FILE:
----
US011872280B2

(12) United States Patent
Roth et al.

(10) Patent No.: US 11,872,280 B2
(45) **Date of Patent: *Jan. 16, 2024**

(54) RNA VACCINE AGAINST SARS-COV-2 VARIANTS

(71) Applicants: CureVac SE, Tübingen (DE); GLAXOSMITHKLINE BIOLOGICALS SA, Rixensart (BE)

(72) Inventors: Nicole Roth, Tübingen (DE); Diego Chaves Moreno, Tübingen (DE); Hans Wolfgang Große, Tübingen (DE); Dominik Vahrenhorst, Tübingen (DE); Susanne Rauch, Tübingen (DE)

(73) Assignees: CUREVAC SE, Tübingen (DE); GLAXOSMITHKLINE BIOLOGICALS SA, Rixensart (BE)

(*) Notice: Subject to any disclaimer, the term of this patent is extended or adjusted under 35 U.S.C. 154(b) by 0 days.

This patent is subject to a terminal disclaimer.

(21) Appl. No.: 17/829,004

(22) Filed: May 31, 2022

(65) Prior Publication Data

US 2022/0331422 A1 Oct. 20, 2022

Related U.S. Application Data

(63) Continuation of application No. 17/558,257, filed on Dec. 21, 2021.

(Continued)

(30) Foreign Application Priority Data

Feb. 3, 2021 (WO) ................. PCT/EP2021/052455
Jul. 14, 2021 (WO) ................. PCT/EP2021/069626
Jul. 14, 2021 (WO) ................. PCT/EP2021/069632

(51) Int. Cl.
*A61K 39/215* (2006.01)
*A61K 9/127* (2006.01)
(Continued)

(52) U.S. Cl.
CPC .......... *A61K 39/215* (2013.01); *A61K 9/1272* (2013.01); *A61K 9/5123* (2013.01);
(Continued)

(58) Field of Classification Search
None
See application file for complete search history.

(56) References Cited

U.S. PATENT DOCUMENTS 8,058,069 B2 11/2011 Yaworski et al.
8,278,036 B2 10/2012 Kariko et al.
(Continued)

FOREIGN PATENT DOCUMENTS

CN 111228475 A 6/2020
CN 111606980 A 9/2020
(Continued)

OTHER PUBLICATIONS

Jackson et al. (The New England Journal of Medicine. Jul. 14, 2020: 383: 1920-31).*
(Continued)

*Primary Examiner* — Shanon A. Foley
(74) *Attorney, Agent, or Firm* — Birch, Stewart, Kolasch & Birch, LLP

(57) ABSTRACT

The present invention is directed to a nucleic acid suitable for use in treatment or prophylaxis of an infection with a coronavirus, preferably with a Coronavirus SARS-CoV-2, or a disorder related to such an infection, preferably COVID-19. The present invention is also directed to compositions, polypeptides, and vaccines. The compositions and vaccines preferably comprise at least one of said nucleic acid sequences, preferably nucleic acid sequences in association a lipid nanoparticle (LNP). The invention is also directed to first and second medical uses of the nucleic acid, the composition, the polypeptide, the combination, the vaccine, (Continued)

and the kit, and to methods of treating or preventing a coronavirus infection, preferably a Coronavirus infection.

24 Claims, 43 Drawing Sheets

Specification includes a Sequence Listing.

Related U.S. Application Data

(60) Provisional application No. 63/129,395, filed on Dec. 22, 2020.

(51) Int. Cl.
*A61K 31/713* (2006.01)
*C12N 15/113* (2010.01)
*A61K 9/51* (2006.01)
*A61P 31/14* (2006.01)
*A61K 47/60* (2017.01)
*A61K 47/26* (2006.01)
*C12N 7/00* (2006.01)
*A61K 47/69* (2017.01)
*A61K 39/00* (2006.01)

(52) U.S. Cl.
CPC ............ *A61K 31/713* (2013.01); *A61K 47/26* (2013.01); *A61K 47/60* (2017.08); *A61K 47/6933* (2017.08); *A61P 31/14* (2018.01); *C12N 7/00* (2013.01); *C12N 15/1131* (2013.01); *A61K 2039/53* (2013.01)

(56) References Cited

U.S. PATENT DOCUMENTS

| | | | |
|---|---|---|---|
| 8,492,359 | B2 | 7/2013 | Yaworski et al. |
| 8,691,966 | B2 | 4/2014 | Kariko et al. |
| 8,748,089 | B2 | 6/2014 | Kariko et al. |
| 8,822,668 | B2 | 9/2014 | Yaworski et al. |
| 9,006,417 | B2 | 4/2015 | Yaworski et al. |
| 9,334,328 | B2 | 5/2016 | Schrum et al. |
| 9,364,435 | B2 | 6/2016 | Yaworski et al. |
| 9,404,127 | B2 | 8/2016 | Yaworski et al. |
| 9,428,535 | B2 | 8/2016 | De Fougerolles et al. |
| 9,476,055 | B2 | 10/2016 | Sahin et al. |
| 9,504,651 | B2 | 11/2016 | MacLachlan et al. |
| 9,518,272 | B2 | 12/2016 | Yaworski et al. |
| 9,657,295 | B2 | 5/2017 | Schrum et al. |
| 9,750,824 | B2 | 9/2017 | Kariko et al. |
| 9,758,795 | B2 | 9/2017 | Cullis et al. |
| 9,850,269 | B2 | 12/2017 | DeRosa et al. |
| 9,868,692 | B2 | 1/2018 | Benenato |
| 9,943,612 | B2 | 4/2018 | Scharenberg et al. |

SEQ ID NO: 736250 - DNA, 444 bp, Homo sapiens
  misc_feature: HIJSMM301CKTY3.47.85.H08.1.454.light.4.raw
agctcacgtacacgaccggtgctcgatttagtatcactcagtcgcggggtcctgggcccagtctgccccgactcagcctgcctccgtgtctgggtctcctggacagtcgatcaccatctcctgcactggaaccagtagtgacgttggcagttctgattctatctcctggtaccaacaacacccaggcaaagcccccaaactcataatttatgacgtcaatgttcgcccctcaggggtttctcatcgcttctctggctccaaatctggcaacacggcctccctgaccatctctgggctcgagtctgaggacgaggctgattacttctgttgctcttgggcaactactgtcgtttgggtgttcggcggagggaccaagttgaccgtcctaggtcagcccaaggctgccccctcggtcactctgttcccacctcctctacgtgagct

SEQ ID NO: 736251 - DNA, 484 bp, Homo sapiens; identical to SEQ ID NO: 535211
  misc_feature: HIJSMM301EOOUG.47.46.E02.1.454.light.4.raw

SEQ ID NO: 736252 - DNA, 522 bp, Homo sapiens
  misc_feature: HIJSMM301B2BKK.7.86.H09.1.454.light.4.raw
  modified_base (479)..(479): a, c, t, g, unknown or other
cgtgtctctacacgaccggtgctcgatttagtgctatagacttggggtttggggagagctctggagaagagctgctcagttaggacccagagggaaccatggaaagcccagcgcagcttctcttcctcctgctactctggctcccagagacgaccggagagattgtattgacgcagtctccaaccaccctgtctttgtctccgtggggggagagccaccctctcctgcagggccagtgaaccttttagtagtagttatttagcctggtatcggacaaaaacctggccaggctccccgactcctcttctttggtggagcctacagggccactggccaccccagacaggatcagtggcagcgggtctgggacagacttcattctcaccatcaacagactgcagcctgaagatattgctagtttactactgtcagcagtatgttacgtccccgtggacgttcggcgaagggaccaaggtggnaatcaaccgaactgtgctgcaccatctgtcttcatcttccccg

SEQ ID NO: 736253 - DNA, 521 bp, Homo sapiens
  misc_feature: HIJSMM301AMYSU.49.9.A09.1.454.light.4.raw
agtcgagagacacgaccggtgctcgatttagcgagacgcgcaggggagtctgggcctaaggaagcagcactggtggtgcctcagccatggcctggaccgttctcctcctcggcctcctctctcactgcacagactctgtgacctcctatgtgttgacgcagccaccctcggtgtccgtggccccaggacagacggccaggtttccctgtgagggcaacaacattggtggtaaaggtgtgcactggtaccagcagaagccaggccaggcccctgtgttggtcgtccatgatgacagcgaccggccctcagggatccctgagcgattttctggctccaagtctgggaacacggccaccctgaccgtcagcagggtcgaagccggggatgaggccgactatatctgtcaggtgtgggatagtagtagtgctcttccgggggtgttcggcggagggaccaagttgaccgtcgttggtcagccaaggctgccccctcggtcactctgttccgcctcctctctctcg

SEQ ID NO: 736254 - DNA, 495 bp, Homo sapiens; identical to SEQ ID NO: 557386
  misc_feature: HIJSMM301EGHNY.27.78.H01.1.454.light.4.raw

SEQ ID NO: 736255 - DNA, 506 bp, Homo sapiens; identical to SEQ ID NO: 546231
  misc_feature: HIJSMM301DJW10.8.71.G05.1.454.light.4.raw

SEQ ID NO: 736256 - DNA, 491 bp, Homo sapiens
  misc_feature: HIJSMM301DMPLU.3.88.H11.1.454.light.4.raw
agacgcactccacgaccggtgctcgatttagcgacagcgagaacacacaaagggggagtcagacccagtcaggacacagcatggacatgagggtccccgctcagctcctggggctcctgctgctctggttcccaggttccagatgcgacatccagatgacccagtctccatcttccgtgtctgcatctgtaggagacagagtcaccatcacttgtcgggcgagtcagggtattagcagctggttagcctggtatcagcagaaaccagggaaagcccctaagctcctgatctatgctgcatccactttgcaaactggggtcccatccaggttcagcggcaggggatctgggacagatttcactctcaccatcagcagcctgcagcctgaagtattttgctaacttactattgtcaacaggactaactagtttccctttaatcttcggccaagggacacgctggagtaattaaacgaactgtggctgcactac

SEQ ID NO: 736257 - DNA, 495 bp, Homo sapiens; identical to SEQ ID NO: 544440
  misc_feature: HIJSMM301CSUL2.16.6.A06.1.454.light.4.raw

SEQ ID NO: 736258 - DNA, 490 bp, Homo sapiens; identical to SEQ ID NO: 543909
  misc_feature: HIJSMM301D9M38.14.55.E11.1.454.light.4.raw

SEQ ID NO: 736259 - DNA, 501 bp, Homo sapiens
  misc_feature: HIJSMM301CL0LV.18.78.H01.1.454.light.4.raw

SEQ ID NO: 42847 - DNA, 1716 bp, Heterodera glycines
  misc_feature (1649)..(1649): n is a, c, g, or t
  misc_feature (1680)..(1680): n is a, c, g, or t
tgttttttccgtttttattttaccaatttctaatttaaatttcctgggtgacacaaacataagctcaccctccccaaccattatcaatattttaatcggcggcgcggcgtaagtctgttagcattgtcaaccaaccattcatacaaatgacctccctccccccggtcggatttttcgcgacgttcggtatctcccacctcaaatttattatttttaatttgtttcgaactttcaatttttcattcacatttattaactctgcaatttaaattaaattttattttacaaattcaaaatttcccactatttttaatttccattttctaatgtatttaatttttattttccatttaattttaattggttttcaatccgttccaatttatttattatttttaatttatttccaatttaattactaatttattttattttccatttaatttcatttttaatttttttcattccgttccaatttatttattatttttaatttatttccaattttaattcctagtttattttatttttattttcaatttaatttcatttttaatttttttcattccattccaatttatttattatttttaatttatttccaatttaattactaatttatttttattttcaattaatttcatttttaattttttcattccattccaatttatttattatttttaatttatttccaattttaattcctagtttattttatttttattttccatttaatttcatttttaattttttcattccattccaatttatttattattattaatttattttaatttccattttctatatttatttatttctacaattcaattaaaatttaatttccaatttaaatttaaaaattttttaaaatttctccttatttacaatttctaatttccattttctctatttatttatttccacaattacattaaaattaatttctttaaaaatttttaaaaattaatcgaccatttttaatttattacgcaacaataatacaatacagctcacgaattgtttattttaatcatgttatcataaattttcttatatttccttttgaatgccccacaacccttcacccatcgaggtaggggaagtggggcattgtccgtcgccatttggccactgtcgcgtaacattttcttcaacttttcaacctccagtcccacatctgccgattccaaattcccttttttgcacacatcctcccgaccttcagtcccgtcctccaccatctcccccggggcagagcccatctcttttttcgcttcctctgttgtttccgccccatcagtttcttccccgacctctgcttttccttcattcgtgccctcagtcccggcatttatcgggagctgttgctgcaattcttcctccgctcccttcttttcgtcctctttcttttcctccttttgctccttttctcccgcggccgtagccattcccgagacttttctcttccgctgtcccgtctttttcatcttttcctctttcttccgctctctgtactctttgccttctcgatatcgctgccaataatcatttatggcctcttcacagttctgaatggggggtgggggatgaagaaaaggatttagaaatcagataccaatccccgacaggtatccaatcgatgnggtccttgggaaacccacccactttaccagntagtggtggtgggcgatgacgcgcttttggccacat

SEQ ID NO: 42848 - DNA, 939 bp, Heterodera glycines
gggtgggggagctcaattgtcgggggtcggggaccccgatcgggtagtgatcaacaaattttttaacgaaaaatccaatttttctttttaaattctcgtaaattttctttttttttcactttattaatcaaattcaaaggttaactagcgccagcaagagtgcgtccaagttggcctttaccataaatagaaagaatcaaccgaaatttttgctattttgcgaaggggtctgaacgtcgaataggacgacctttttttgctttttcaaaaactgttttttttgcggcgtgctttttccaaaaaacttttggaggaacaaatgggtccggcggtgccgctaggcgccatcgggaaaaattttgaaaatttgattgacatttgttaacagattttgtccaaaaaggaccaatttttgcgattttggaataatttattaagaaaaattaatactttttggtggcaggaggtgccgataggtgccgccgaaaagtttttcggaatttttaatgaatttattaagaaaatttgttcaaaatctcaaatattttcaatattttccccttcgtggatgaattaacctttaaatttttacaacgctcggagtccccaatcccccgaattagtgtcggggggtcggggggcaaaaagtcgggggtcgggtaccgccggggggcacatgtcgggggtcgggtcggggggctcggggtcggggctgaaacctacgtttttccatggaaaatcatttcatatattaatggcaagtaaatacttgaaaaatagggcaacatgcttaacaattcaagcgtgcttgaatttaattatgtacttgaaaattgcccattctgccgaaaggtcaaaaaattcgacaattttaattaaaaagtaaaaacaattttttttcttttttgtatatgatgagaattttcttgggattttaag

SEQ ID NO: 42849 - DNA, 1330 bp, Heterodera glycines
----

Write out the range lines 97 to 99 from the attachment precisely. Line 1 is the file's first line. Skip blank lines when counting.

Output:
  misc_feature: HIJSMM301AMYSU.49.9.A09.1.454.light.4.raw
agtcgagagacacgaccggtgctcgatttagcgagacgcgcaggggagtctgggcctaaggaagcagcactggtggtgcctcagccatggcctggaccgttctcctcctcggcctcctctctcactgcacagactctgtgacctcctatgtgttgacgcagccaccctcggtgtccgtggccccaggacagacggccaggtttccctgtgagggcaacaacattggtggtaaaggtgtgcactggtaccagcagaagccaggccaggcccctgtgttggtcgtccatgatgacagcgaccggccctcagggatccctgagcgattttctggctccaagtctgggaacacggccaccctgaccgtcagcagggtcgaagccggggatgaggccgactatatctgtcaggtgtgggatagtagtagtgctcttccgggggtgttcggcggagggaccaagttgaccgtcgttggtcagccaaggctgccccctcggtcactctgttccgcctcctctctctcg

SEQ ID NO: 736254 - DNA, 495 bp, Homo sapiens; identical to SEQ ID NO: 557386